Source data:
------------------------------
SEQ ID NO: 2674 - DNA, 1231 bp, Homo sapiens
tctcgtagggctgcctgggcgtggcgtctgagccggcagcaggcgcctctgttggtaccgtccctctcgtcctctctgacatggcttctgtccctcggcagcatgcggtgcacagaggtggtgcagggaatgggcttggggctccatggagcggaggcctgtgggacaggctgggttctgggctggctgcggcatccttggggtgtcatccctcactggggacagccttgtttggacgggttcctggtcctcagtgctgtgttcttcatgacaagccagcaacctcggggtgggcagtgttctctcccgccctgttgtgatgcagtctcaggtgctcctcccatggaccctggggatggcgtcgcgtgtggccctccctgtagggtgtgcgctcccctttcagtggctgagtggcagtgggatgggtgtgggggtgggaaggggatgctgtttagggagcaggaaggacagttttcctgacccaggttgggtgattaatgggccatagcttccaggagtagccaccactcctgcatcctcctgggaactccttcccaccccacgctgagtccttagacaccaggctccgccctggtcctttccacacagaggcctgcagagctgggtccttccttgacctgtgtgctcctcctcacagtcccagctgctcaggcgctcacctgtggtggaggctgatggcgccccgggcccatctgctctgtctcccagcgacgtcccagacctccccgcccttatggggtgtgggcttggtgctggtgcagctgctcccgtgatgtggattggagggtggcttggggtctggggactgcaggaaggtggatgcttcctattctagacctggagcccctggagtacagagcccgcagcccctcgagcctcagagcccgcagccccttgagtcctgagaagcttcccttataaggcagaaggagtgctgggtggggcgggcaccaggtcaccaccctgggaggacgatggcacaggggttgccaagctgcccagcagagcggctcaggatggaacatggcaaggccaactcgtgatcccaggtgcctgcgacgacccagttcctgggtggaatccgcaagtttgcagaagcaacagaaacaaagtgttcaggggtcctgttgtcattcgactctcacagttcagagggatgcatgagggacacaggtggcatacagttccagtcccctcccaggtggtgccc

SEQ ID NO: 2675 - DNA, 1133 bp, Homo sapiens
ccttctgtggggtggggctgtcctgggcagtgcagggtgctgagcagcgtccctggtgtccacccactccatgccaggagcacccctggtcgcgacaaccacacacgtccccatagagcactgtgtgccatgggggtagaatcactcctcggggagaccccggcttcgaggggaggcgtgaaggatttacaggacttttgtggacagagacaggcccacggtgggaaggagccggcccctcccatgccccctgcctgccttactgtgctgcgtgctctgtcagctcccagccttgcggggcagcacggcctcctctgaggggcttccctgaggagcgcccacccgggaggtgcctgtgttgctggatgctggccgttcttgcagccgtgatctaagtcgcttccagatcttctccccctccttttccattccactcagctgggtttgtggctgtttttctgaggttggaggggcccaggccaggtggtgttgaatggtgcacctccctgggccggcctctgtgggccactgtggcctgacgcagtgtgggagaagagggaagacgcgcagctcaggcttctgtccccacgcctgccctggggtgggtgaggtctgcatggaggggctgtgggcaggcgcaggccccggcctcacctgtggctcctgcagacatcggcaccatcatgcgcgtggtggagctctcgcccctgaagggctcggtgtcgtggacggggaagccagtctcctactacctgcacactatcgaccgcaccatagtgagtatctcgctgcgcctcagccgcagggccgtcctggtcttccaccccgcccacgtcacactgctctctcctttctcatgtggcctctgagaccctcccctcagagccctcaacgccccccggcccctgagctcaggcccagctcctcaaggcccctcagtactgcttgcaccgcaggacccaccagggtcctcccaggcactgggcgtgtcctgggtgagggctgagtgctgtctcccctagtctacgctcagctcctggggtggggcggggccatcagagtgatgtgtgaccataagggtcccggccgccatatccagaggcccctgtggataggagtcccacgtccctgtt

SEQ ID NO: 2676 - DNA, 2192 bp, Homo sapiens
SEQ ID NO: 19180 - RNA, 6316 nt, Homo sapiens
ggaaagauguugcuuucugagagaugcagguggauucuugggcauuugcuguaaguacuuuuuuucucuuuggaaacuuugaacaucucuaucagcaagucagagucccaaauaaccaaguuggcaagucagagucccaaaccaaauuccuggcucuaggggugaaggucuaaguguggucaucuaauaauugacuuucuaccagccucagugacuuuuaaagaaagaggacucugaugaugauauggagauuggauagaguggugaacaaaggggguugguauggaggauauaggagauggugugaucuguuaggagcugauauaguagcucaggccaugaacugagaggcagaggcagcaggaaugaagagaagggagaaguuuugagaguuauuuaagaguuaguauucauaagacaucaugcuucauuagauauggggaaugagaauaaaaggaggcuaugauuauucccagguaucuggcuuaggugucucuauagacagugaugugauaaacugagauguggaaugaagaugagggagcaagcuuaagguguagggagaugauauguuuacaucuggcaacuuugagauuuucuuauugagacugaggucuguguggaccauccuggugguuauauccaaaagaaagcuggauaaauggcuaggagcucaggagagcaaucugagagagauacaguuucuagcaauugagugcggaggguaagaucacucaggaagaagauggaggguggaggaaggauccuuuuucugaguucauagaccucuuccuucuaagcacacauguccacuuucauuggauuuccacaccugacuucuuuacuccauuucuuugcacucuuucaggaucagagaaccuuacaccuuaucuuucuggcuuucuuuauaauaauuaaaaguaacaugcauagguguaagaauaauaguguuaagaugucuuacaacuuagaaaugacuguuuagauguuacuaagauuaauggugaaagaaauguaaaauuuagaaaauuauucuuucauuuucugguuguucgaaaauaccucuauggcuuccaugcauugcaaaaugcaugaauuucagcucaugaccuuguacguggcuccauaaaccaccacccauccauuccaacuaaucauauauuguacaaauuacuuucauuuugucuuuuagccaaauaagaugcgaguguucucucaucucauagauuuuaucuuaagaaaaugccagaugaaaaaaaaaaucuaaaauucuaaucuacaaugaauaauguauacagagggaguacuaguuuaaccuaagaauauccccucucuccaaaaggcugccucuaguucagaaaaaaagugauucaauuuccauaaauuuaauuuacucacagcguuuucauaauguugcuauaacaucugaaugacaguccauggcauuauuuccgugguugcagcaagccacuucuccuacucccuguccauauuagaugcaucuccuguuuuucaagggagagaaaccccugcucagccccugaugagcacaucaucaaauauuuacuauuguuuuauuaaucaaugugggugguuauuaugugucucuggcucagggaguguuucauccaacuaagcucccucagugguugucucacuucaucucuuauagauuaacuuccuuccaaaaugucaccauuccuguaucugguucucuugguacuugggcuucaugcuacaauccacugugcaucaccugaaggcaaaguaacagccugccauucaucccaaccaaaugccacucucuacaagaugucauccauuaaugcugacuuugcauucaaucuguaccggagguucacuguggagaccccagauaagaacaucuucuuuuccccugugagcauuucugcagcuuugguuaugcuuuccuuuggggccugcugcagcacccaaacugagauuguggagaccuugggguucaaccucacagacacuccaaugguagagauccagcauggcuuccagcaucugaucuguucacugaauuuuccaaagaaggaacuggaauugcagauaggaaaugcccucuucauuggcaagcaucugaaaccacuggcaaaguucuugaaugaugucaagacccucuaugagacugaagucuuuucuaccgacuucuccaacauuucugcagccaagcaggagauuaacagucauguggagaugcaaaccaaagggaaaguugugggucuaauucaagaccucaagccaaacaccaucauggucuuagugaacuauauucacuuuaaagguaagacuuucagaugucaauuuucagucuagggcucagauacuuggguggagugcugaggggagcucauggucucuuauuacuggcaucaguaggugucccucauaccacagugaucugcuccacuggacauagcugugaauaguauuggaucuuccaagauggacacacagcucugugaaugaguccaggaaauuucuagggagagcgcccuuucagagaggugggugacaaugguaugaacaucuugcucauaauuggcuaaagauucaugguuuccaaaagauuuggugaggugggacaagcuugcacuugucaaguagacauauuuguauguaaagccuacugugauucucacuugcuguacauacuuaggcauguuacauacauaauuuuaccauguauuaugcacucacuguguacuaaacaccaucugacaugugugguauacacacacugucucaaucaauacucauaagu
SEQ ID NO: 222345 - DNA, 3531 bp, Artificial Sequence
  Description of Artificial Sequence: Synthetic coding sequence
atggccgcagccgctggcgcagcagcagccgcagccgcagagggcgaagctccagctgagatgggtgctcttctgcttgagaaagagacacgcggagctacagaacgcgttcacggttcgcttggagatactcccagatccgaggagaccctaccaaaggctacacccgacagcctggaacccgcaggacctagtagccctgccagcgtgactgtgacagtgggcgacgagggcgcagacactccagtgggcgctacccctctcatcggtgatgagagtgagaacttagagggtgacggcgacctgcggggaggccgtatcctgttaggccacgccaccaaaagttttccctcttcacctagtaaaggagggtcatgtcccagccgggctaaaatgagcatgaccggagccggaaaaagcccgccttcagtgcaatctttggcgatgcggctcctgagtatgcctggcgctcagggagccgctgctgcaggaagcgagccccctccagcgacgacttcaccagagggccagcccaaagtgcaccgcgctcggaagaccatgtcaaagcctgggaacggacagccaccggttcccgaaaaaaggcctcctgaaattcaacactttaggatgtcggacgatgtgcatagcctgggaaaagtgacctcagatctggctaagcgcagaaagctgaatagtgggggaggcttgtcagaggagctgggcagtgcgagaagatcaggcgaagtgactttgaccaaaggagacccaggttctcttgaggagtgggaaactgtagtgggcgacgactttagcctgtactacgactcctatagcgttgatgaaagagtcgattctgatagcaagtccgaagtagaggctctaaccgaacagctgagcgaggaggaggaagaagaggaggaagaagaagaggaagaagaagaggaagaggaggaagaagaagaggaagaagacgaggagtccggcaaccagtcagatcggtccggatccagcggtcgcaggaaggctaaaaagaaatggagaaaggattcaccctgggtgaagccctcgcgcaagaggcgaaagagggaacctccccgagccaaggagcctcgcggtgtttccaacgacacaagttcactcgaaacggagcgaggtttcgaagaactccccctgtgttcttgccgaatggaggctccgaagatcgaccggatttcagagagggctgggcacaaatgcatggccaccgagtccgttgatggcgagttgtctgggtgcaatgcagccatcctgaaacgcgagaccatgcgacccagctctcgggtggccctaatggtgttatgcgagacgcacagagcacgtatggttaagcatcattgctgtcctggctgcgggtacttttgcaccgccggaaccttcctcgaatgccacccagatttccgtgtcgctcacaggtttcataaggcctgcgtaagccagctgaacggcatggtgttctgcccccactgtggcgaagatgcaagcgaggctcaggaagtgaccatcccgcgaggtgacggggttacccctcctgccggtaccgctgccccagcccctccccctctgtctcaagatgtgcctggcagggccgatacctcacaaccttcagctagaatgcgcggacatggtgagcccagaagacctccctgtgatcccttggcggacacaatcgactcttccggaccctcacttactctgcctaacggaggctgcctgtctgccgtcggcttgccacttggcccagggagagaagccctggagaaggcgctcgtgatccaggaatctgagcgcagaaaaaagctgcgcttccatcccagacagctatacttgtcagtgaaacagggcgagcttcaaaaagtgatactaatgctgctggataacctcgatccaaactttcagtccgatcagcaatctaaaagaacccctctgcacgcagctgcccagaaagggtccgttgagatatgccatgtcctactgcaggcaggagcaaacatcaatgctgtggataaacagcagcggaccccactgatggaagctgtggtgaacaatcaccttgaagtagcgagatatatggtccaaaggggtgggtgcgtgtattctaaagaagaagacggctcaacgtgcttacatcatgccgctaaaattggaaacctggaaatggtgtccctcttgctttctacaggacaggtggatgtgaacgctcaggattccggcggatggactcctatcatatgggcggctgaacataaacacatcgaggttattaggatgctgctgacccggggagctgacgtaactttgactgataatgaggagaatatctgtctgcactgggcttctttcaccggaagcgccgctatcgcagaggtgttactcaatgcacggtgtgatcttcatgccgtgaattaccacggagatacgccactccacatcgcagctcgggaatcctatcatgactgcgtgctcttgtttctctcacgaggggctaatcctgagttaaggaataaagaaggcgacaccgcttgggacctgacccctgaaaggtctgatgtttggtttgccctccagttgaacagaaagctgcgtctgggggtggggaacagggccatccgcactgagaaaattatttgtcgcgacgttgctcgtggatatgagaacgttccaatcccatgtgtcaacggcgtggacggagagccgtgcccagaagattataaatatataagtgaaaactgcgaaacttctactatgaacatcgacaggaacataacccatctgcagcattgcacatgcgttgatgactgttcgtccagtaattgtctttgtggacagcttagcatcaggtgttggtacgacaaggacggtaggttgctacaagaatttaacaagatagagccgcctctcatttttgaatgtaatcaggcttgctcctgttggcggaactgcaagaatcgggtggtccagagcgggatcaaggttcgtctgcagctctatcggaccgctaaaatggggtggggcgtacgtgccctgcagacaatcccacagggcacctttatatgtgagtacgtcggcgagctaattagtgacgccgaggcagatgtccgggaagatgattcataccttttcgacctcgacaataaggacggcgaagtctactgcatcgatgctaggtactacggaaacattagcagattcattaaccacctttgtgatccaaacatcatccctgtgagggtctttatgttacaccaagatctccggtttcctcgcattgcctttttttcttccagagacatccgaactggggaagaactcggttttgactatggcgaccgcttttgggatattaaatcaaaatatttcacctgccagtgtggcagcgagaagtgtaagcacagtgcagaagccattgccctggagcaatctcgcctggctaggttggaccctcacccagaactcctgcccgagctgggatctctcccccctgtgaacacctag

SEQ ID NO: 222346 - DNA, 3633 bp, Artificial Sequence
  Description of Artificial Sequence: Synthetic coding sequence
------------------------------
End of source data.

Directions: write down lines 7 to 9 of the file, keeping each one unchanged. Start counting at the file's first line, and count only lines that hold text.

ggaaagauguugcuuucugagagaugcagguggauucuugggcauuugcuguaaguacuuuuuuucucuuuggaaacuuugaacaucucuaucagcaagucagagucccaaauaaccaaguuggcaagucagagucccaaaccaaauuccuggcucuaggggugaaggucuaaguguggucaucuaauaauugacuuucuaccagccucagugacuuuuaaagaaagaggacucugaugaugauauggagauuggauagaguggugaacaaaggggguugguauggaggauauaggagauggugugaucuguuaggagcugauauaguagcucaggccaugaacugagaggcagaggcagcaggaaugaagagaagggagaaguuuugagaguuauuuaagaguuaguauucauaagacaucaugcuucauuagauauggggaaugagaauaaaaggaggcuaugauuauucccagguaucuggcuuaggugucucuauagacagugaugugauaaacugagauguggaaugaagaugagggagcaagcuuaagguguagggagaugauauguuuacaucuggcaacuuugagauuuucuuauugagacugaggucuguguggaccauccuggugguuauauccaaaagaaagcuggauaaauggcuaggagcucaggagagcaaucugagagagauacaguuucuagcaauugagugcggaggguaagaucacucaggaagaagauggaggguggaggaaggauccuuuuucugaguucauagaccucuuccuucuaagcacacauguccacuuucauuggauuuccacaccugacuucuuuacuccauuucuuugcacucuuucaggaucagagaaccuuacaccuuaucuuucuggcuuucuuuauaauaauuaaaaguaacaugcauagguguaagaauaauaguguuaagaugucuuacaacuuagaaaugacuguuuagauguuacuaagauuaauggugaaagaaauguaaaauuuagaaaauuauucuuucauuuucugguuguucgaaaauaccucuauggcuuccaugcauugcaaaaugcaugaauuucagcucaugaccuuguacguggcuccauaaaccaccacccauccauuccaacuaaucauauauuguacaaauuacuuucauuuugucuuuuagccaaauaagaugcgaguguucucucaucucauagauuuuaucuuaagaaaaugccagaugaaaaaaaaaaucuaaaauucuaaucuacaaugaauaauguauacagagggaguacuaguuuaaccuaagaauauccccucucuccaaaaggcugccucuaguucagaaaaaaagugauucaauuuccauaaauuuaauuuacucacagcguuuucauaauguugcuauaacaucugaaugacaguccauggcauuauuuccgugguugcagcaagccacuucuccuacucccuguccauauuagaugcaucuccuguuuuucaagggagagaaaccccugcucagccccugaugagcacaucaucaaauauuuacuauuguuuuauuaaucaaugugggugguuauuaugugucucuggcucagggaguguuucauccaacuaagcucccucagugguugucucacuucaucucuuauagauuaacuuccuuccaaaaugucaccauuccuguaucugguucucuugguacuugggcuucaugcuacaauccacugugcaucaccugaaggcaaaguaacagccugccauucaucccaaccaaaugccacucucuacaagaugucauccauuaaugcugacuuugcauucaaucuguaccggagguucacuguggagaccccagauaagaacaucuucuuuuccccugugagcauuucugcagcuuugguuaugcuuuccuuuggggccugcugcagcacccaaacugagauuguggagaccuugggguucaaccucacagacacuccaaugguagagauccagcauggcuuccagcaucugaucuguucacugaauuuuccaaagaaggaacuggaauugcagauaggaaaugcccucuucauuggcaagcaucugaaaccacuggcaaaguucuugaaugaugucaagacccucuaugagacugaagucuuuucuaccgacuucuccaacauuucugcagccaagcaggagauuaacagucauguggagaugcaaaccaaagggaaaguugugggucuaauucaagaccucaagccaaacaccaucauggucuuagugaacuauauucacuuuaaagguaagacuuucagaugucaauuuucagucuagggcucagauacuuggguggagugcugaggggagcucauggucucuuauuacuggcaucaguaggugucccucauaccacagugaucugcuccacuggacauagcugugaauaguauuggaucuuccaagauggacacacagcucugugaaugaguccaggaaauuucuagggagagcgcccuuucagagaggugggugacaaugguaugaacaucuugcucauaauuggcuaaagauucaugguuuccaaaagauuuggugaggugggacaagcuugcacuugucaaguagacauauuuguauguaaagccuacugugauucucacuugcuguacauacuuaggcauguuacauacauaauuuuaccauguauuaugcacucacuguguacuaaacaccaucugacaugugugguauacacacacugucucaaucaauacucauaagu
SEQ ID NO: 222345 - DNA, 3531 bp, Artificial Sequence
  Description of Artificial Sequence: Synthetic coding sequence